Left Out Liberal

A left-wing/liberal look at the UK's General Election of 2005.

Friday, May 13, 2005


Since the end of the election I've been unable to drive myself to post anything new or remotely interesting. I've been following the discussion about PR on certain blogs and injecting a note of caution that PR will not save the day in British politics. It is certainly a step I would like to see taken, but I just cannot decide between the plethora of systems available. All I can say is that I don't want to see a list system, and all those who are advocating STV are deluded. It may be good, but it's never going to be acceptable to politicians in this country. Even the Lib Dems professed support for it is probably not sincere.

The only options are for AV (which is still not proportional), AV+ (slightly more proportional, and probably more likely), or AMS (the most proportional of the three and retains a constituency link too), such as that in Germany, Scotland and Wales. I know I don't want AV, and I fear AV+ will be used to destroy the Tory party and not for genuine reasons. I like AMS, but it may be a sudden shock to the political culture of this country to see permanent coalition governments become the new order of the day. AMS is like a more inclusive version of FPTP... most countries with AMS end up with two blocks, one of the right wing, one on the left wing. Governments can be extracted, but at least now the new government would command more than 50% of support.

But we need more than PR. The politicians themselves could do with a good clearout. Michael Howard's new beauty contest Shadow Cabinet fills me with dread as to who we're going to be seeing a lot of in the next 20 years, and I fear that Blair has left his legacy on the Labour party for decades, or at least, now in his final term he will move to ensure that's the case. As for the Lib Dems, it's very tough to see where they go now. They will need a new leader eventually, and I just can't see who that might be.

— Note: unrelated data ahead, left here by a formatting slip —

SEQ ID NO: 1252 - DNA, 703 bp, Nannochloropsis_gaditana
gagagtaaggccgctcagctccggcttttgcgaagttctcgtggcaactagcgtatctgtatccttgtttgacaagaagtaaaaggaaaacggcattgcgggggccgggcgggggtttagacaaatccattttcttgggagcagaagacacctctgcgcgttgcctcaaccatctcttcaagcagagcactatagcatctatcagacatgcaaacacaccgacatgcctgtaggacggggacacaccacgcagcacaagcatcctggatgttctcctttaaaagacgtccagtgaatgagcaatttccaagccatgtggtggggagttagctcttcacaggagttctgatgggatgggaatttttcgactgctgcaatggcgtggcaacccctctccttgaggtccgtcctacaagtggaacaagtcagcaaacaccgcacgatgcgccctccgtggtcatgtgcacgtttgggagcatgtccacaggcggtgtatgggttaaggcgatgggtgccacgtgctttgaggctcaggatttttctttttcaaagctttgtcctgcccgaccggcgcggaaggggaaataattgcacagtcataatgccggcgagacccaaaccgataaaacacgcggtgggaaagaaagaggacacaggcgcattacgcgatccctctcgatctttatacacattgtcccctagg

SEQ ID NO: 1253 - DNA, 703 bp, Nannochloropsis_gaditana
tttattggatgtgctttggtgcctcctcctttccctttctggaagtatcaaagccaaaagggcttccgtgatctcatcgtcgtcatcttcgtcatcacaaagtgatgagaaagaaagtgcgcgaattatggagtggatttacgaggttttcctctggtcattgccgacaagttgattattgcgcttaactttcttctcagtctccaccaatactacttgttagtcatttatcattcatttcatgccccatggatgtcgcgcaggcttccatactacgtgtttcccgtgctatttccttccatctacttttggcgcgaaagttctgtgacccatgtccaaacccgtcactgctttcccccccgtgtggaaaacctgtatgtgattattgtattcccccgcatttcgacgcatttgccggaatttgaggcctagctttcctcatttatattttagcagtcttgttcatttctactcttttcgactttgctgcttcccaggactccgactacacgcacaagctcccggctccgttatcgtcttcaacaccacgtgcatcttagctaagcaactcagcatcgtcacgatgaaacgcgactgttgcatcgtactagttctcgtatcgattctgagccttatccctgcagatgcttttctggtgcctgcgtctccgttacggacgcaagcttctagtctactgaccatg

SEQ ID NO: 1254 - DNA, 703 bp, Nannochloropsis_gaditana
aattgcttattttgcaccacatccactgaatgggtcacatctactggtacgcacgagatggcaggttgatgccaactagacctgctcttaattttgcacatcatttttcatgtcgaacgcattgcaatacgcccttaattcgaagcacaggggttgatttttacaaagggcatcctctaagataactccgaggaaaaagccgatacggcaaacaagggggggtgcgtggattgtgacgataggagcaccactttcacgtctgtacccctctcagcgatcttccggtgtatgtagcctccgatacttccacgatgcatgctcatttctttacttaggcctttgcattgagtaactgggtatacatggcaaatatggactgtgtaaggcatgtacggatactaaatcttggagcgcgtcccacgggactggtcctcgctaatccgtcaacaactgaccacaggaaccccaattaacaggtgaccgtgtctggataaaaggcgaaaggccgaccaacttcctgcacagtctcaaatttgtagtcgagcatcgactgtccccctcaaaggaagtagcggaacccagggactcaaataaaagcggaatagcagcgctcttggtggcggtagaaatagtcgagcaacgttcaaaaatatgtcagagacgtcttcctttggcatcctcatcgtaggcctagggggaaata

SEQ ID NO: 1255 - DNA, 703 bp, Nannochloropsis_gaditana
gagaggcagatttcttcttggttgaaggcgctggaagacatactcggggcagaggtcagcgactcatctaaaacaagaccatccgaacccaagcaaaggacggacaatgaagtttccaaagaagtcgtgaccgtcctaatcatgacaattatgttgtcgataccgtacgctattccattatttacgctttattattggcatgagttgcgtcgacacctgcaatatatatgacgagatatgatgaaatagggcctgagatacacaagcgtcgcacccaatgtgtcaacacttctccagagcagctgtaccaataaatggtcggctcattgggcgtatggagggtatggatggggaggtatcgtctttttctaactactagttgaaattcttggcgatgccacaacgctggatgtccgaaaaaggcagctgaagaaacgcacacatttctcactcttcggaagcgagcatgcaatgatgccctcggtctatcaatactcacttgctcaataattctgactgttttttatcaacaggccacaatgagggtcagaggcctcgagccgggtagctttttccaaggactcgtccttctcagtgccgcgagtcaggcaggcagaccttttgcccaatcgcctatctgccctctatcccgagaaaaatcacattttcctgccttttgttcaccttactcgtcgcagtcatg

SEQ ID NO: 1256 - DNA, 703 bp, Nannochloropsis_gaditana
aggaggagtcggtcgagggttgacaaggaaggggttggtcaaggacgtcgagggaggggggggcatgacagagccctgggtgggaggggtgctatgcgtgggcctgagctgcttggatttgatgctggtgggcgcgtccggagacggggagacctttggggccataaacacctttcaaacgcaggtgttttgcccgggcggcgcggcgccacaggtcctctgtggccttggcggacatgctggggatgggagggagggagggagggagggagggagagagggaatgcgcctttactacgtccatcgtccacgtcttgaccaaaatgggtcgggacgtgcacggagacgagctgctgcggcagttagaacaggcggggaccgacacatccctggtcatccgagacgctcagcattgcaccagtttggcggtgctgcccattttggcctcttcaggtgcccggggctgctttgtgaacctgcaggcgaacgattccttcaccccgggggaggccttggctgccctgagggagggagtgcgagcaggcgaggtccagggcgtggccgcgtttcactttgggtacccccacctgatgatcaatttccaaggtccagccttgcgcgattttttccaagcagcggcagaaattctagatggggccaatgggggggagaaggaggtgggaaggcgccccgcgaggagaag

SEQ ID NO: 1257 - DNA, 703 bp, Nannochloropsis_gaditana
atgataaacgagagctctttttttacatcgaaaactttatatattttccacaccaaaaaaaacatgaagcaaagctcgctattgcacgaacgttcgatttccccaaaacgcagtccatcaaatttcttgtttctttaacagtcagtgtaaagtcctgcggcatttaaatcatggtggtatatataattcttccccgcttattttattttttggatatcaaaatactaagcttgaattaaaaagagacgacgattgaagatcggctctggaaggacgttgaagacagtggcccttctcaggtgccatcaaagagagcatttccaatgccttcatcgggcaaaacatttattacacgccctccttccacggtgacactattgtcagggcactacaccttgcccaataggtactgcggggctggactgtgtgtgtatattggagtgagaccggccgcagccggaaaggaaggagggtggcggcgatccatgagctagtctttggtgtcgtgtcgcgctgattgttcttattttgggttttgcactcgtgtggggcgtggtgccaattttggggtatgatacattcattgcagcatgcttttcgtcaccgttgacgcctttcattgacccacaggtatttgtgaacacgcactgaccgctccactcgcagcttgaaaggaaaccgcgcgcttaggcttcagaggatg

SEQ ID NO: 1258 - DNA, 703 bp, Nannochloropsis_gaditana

In the face of this, AMS won't make much difference. We'll still get the three main parties holding a considerable majority of the seats. We might see a couple of Green MPs, UKIP MPs and very likely BNP MPs given their share of the vote at the last election. Veritas might even be lucky to scrape one. But it's just tinkering at the edges. British politics needs a much more radical reform, only I'm not sure how it can be achieved. A written constitution wouldn't go amiss. Perhaps it's time to bin the whole system and hold some elections to a constituent assembly, charged with redrawing British politics from scratch. That would certainly be more interesting.

Who am I trying to kid?

As for this blog, I am not going to continue it for much longer, I'm afraid. I know my many fans will be disappointed (ha!), but I just don't have the energy to continue ranting about the slow descent of the British into moral panics over the slightest things. Hooded tops, anyone?

More on that very soon...


At 11:53 am, May 13, 2005, Anonymous bookdrunk said...

What we all clearly need is some kind of hooded-top-story aggregator, so that we can get all of our information in one place. Never before has the need been so fabricated.. uhm.. great.


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